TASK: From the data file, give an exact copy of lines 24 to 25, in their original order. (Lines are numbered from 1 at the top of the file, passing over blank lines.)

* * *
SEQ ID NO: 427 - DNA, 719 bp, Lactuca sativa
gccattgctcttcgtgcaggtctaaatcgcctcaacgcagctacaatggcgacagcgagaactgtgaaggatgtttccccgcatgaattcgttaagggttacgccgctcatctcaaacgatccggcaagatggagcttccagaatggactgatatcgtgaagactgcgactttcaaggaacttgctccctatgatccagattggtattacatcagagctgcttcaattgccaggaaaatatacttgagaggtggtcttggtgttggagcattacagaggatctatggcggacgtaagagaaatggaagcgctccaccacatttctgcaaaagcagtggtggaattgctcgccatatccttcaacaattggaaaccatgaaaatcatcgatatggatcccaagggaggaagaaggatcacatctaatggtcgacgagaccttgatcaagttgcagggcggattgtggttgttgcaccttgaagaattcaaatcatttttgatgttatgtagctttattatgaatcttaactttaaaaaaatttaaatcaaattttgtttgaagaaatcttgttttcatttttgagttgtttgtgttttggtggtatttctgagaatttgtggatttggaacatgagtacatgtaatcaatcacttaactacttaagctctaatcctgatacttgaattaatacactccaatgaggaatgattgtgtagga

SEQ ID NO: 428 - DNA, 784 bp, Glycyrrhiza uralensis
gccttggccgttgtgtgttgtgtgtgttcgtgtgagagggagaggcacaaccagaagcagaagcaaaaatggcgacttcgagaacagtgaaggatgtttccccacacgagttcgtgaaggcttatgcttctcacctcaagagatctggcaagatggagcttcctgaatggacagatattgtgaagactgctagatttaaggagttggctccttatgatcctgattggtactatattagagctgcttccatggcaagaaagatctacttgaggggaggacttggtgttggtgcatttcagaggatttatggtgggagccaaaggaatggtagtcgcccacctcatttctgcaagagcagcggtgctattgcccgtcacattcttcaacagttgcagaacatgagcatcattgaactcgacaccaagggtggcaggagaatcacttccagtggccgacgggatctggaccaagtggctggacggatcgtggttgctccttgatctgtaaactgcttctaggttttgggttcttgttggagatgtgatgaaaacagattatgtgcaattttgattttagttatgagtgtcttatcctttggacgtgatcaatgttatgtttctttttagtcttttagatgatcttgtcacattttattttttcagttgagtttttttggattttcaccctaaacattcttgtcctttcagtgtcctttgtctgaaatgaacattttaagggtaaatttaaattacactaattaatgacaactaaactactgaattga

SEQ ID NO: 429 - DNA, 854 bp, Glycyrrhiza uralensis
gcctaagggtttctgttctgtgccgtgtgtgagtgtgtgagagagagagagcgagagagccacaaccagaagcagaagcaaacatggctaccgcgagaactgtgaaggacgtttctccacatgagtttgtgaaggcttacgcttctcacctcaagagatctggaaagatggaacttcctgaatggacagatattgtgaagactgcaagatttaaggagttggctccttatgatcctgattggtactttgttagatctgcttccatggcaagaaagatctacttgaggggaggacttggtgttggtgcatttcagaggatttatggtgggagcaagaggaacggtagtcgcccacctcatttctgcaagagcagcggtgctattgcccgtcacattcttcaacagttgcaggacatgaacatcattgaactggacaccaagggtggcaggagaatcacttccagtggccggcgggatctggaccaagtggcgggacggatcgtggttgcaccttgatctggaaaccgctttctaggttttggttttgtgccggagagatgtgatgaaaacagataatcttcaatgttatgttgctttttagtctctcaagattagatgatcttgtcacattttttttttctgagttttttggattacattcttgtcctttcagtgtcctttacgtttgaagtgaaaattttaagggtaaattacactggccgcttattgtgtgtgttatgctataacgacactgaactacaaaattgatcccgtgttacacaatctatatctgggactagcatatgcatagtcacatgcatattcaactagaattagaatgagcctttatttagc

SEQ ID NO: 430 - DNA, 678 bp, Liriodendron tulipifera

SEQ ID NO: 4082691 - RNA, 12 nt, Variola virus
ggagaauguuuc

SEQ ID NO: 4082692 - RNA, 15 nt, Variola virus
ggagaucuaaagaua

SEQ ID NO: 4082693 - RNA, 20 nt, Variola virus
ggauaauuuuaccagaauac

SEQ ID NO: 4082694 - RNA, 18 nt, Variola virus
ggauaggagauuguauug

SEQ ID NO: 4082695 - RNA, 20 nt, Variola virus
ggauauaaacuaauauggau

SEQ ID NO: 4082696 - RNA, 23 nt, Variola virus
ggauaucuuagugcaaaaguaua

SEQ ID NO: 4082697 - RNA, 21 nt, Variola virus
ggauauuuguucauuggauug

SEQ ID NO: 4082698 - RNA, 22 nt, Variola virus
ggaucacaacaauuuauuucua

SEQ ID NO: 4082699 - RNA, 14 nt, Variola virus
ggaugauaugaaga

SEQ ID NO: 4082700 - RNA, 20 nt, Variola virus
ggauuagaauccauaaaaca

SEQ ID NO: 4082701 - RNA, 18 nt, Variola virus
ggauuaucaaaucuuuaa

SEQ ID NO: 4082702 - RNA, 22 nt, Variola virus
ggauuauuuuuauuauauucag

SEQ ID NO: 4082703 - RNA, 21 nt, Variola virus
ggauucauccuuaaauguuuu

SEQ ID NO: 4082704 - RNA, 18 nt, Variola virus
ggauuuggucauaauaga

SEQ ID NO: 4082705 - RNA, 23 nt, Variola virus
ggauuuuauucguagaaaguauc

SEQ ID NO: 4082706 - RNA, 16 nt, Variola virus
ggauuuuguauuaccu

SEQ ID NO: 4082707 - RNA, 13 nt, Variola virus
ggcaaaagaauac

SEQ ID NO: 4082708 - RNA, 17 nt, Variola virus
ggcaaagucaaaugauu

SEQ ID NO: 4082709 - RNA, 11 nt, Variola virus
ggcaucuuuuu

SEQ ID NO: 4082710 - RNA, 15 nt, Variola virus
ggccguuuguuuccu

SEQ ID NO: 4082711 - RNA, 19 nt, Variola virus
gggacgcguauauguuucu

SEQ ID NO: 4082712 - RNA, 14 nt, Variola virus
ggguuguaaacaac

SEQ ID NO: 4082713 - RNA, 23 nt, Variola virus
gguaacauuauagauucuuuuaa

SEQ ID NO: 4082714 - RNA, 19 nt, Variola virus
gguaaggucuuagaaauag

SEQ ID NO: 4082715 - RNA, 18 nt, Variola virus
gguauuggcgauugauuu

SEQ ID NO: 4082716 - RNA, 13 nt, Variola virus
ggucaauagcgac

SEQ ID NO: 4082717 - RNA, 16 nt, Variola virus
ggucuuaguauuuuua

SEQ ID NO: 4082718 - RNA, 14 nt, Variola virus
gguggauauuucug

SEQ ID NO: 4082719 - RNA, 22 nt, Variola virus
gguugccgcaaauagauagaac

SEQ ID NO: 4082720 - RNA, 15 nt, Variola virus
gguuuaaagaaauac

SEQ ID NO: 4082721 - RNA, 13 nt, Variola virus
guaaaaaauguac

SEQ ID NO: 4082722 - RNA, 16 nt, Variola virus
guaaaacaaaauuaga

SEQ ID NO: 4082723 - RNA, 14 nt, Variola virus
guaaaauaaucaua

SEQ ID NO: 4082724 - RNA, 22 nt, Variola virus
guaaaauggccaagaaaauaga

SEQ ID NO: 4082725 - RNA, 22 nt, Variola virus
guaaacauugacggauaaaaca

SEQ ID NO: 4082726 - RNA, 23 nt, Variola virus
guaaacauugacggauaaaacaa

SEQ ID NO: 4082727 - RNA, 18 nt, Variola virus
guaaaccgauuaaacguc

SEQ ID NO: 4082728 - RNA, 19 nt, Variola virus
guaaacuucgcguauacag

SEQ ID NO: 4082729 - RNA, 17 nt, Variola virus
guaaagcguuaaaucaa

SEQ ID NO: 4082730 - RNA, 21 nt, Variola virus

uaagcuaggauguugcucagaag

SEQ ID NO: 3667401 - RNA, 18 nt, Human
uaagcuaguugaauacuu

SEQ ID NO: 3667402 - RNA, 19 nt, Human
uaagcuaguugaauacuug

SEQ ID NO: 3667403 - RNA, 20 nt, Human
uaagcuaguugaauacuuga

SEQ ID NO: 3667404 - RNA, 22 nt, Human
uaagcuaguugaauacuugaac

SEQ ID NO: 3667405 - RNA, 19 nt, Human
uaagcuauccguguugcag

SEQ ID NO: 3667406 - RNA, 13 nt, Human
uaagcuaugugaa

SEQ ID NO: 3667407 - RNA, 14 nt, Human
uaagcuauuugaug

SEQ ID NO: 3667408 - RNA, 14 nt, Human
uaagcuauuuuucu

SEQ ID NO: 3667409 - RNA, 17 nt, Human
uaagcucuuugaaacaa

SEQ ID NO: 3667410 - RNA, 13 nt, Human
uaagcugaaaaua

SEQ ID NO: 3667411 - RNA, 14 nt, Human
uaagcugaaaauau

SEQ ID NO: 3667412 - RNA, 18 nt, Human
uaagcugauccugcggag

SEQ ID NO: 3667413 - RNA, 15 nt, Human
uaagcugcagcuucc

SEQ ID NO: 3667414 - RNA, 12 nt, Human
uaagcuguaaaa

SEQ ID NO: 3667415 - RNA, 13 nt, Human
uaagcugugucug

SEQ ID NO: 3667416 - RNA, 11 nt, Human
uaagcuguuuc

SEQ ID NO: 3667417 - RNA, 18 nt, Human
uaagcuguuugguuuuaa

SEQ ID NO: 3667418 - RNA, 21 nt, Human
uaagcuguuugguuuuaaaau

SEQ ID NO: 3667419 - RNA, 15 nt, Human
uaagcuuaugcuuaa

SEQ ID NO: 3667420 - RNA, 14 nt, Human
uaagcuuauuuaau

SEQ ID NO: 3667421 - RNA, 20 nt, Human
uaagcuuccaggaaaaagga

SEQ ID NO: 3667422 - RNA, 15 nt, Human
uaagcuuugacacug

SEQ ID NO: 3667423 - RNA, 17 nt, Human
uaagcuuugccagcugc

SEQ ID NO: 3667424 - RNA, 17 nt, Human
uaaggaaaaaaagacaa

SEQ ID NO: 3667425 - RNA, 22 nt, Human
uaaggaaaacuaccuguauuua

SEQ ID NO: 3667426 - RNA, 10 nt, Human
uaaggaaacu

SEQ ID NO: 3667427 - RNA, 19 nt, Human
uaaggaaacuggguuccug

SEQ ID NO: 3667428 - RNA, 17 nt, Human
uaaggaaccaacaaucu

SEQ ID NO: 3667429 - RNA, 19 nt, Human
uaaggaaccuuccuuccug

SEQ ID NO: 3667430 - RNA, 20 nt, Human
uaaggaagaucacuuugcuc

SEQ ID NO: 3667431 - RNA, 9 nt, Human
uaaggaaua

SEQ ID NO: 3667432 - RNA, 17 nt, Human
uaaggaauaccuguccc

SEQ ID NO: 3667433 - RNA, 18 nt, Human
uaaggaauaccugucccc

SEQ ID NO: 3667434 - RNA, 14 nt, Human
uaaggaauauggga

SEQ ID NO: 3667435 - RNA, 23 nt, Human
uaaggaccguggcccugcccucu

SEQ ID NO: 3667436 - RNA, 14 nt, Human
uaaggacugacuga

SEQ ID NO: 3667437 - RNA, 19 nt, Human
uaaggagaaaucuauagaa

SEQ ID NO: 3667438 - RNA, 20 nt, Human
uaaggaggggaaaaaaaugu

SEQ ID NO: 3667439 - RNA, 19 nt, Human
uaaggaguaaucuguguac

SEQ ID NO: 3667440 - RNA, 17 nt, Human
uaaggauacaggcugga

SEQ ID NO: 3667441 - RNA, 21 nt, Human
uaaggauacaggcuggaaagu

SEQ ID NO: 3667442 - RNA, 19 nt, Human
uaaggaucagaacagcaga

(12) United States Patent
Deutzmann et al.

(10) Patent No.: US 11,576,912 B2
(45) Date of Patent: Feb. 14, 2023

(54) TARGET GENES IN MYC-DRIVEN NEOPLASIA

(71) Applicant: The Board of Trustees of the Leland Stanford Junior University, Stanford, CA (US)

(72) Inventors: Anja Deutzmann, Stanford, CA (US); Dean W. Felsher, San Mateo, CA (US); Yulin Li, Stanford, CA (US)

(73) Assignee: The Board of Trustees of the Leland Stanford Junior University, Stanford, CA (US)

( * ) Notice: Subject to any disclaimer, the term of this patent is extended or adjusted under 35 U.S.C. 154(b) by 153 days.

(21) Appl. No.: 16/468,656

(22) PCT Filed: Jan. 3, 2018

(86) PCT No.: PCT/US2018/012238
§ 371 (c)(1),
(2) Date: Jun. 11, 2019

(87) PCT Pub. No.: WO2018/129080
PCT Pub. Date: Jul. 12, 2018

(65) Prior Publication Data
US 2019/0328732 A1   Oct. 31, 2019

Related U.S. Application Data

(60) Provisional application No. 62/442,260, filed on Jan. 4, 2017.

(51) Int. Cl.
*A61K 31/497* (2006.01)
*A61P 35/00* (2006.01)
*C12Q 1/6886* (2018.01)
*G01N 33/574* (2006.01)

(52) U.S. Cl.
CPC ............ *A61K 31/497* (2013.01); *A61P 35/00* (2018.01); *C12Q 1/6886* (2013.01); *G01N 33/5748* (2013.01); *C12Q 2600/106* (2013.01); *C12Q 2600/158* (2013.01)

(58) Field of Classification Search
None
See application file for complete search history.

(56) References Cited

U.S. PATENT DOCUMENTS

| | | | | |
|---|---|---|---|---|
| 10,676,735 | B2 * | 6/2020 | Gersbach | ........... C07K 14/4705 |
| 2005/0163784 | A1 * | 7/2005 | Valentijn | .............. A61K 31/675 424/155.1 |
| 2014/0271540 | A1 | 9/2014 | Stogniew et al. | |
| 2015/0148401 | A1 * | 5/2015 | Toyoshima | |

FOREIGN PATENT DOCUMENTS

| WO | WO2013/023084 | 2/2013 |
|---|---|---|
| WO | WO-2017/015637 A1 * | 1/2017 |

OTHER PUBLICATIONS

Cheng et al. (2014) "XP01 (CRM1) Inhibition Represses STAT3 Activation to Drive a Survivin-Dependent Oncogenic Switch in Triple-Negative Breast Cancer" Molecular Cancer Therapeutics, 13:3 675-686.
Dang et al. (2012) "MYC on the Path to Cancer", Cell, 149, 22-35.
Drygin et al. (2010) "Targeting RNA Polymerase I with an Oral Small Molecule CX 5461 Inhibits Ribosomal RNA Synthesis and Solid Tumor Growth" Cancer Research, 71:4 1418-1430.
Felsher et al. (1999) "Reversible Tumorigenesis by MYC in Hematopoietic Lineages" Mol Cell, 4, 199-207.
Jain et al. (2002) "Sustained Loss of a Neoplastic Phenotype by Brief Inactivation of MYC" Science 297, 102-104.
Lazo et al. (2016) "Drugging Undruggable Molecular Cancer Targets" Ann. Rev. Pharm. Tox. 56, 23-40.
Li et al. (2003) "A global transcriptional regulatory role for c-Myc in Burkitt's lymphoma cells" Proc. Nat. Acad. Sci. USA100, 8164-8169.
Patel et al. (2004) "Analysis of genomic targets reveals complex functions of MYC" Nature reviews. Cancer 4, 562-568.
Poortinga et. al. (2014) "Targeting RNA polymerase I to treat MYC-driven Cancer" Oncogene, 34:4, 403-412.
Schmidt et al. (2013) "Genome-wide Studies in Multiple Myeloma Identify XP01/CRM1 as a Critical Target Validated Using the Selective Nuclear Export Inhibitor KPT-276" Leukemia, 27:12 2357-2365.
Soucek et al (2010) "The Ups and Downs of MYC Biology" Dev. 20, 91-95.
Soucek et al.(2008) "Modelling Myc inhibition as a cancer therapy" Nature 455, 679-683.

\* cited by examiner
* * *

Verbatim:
SEQ ID NO: 4082699 - RNA, 14 nt, Variola virus
ggaugauaugaaga